Berkshire Eagle becomes part of the national conversation about race
Some communities talk about talking about race. But in the Berkshires, powerful conversations about race matters have been going on for several years, especially since the Berkshire County NAACP revived its local chapter in 2012.
The Berkshire Eagle has amplified those conversations with the publication last month of an opinion piece by Steven Nikitas, a local “conservative activist” and Berkshire County Republican Association member.
In 2013, a group of area conservatives sought a regular forum for their views and approached the newspaper, which agreed to provide an op-ed slot every other week, which has been titled “Right from the Berkshires.” Jim Bronson, the chairman of the Berkshire County Republican Association, explained in his introductory column that the pieces would provide a voice for the approximately 20,000 “righties” (as Bronson called them) in the overwhelmingly lefty region.
“As you get to know us, we trust you will find our opinions reasoned, informed, and thoughtful,” Bronson wrote.
As Nikitas lobbed a fistful of tired generalizations and stereotypes at a monolithic “black America” and assigned Sharpton a status more lofty than the one he actually holds, the column did not immediately spark a huge backlash.
The backlash came after the massacre at the Emanuel African Methodist Episcopal Church in Charleston, South Carolina, on June 17. That’s when “the furor really erupted,” Bill Everhart, the Berkshire Eagle’s editorial page editor, told CommonWealth. “The thing I found most startling was [the conclusion by some readers] that we chose to run this column after the events in Charleston, South Carolina, when in fact it ran a week before,” Everhart said.
Some of the most outraged readers were outside Massachusetts. People who weren’t familiar with the Berkshire Eagle’s reputation as a progressive paper were the most upset. It “shook us a little bit that so many things were attributed to the Eagle versus the columnist,” Everhart added.
Berkshire Eagle editor Kevin Moran published an explanation of the paper’s decision to run the column on June 26. Moran’s column sums up the newsroom’s view, says Everhart. The newspaper’s roughly 15-member staff includes one African American reporter.
Media analysts such as Northeastern University’s Dan Kennedy, who disagreed with the decision to publish, described his reaction this way: “A community paper like the Eagleshould provide a public forum… But it should also have standards for what it chooses to publish, and that’s where I think the Eagle blew it.”
Bronson, the Berkshire County Republican chairman, backed up Nikitas and told MassLive that the message was obscured by “inartful” language and criticized the Eaglefor “gotcha journalism” in its response to the controversy.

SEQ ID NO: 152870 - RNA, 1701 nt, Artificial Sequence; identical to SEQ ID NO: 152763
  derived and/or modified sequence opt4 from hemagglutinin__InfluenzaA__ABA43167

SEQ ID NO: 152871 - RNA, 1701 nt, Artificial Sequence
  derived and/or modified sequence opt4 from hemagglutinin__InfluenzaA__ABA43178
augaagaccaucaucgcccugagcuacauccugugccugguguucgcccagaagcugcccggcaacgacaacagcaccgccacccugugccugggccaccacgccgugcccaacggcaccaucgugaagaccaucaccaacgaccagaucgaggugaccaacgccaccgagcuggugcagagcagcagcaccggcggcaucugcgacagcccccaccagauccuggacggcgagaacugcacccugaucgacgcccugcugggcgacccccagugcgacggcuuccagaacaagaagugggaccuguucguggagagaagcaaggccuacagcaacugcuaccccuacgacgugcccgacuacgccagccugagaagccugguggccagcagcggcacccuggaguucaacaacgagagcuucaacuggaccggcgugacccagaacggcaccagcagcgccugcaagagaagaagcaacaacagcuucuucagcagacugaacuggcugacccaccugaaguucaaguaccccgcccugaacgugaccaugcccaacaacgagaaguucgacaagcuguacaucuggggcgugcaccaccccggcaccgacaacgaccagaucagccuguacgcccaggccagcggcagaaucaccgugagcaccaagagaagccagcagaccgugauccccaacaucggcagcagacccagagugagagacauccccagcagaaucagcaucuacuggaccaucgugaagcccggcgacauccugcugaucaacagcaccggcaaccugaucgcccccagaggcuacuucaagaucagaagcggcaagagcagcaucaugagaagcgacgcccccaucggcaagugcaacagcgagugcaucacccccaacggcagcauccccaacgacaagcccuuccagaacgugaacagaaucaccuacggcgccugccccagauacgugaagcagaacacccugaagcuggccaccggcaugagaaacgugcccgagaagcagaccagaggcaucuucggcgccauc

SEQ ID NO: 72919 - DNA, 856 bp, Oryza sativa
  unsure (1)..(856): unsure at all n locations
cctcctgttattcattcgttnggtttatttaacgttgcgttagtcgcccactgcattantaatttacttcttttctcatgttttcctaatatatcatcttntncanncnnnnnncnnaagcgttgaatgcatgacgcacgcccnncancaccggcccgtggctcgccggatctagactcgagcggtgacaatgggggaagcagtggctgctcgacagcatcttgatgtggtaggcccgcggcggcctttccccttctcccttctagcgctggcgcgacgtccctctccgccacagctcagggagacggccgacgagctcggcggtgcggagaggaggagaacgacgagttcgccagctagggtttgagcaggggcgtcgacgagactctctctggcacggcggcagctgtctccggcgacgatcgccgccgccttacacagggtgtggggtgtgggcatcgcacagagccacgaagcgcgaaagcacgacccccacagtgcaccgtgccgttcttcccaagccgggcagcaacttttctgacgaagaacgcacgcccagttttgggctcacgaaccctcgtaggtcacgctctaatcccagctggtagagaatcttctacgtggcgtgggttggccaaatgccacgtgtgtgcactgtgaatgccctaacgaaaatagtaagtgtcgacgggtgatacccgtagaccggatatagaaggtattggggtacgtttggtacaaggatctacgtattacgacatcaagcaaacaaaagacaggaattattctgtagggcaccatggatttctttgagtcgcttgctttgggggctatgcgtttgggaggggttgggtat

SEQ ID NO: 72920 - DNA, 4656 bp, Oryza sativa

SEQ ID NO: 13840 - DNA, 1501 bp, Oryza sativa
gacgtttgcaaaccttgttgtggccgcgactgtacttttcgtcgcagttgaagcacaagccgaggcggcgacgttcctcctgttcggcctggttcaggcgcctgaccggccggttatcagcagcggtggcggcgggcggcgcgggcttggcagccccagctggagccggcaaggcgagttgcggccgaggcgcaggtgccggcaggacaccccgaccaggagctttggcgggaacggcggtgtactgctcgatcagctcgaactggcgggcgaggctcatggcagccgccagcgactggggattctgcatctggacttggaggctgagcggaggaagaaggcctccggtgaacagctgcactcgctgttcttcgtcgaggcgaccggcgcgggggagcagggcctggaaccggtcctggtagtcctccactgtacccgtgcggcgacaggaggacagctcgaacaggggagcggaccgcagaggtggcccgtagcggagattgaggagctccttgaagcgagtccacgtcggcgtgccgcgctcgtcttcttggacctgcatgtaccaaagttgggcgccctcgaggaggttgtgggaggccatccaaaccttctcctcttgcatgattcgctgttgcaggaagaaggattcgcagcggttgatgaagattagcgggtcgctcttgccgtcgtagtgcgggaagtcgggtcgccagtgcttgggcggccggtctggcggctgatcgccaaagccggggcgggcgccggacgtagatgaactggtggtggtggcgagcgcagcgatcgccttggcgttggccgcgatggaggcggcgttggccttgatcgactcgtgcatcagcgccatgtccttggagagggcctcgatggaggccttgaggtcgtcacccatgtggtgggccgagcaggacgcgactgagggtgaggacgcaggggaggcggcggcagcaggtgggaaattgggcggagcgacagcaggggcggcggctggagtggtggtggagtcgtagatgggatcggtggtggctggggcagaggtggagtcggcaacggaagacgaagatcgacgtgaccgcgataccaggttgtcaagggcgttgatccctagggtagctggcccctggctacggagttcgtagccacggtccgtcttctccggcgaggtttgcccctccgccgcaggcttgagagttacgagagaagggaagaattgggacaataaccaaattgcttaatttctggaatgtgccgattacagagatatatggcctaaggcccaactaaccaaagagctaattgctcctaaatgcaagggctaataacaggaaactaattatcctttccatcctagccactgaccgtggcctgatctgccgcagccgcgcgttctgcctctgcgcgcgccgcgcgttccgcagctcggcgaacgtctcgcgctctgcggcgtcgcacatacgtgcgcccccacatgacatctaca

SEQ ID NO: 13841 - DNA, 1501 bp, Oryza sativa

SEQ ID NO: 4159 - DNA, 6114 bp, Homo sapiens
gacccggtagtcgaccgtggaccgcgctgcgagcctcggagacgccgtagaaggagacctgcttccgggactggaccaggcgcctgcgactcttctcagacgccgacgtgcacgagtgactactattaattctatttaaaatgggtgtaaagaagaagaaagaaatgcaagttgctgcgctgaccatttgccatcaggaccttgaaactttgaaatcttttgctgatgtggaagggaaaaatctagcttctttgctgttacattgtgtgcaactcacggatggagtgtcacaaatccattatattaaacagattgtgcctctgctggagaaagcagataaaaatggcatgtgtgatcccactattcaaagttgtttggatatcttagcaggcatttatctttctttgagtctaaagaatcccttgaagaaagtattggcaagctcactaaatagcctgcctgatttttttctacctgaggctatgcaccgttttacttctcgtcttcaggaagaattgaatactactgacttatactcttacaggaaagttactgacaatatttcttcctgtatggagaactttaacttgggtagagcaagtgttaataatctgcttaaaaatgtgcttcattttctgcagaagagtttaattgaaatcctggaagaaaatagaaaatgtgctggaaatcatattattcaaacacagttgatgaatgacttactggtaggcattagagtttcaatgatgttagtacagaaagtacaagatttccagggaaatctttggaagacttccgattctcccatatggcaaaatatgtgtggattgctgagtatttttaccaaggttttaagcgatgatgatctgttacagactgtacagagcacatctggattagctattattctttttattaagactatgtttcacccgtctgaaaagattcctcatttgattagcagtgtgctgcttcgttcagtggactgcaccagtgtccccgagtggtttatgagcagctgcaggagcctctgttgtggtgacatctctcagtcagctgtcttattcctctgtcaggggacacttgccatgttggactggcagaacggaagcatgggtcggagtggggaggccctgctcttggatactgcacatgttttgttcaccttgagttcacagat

The Eagle also got support for its decision to publish. One Berkshire County NAACP member told Everhart that the paper had done a public service. (When he talked to CommonWealth, Everhart said he had not heard from the local NAACP branch officials.) Lee Williamson, a member of the Massachusetts Democratic State Committee, wrote to say that he was “proud of the paper.”
Everhart has “no problem” with people being upset about the column. “It was important to put in the light of day ideas like these that many of us find appalling,” he said. “It serves no purpose to let them fester underneath the surface.”
Going forward, the Eagle plans to include more information about an author in the “tag lines” at the end of opinion pieces so it is clear that the person’s views are his or hers alone and do not represent the paper’s editorial position. Everhart says that the paper will also re-evaluate how the Berkshire County Republicans and the “Right from the Berkshires” column can best counterbalance the paper’s liberal-leaning editorial page.
As for the impact of the Berkshire Eagle controversy on the wider media world, Everhart noted that if an outlet believes it is in the right to publish a controversial opinion, then editors have to “trust their instincts” and be ready to “take the heat.” But they also have to be ready to confront cyberspace-generated outrage beyond their home turf. “Clarity is really important today when so many things go flying around the Internet link-to-link-to-link and the original context is lost of a newspaper trying to provide an opinion that is dramatically different from its own,” Everhart said.
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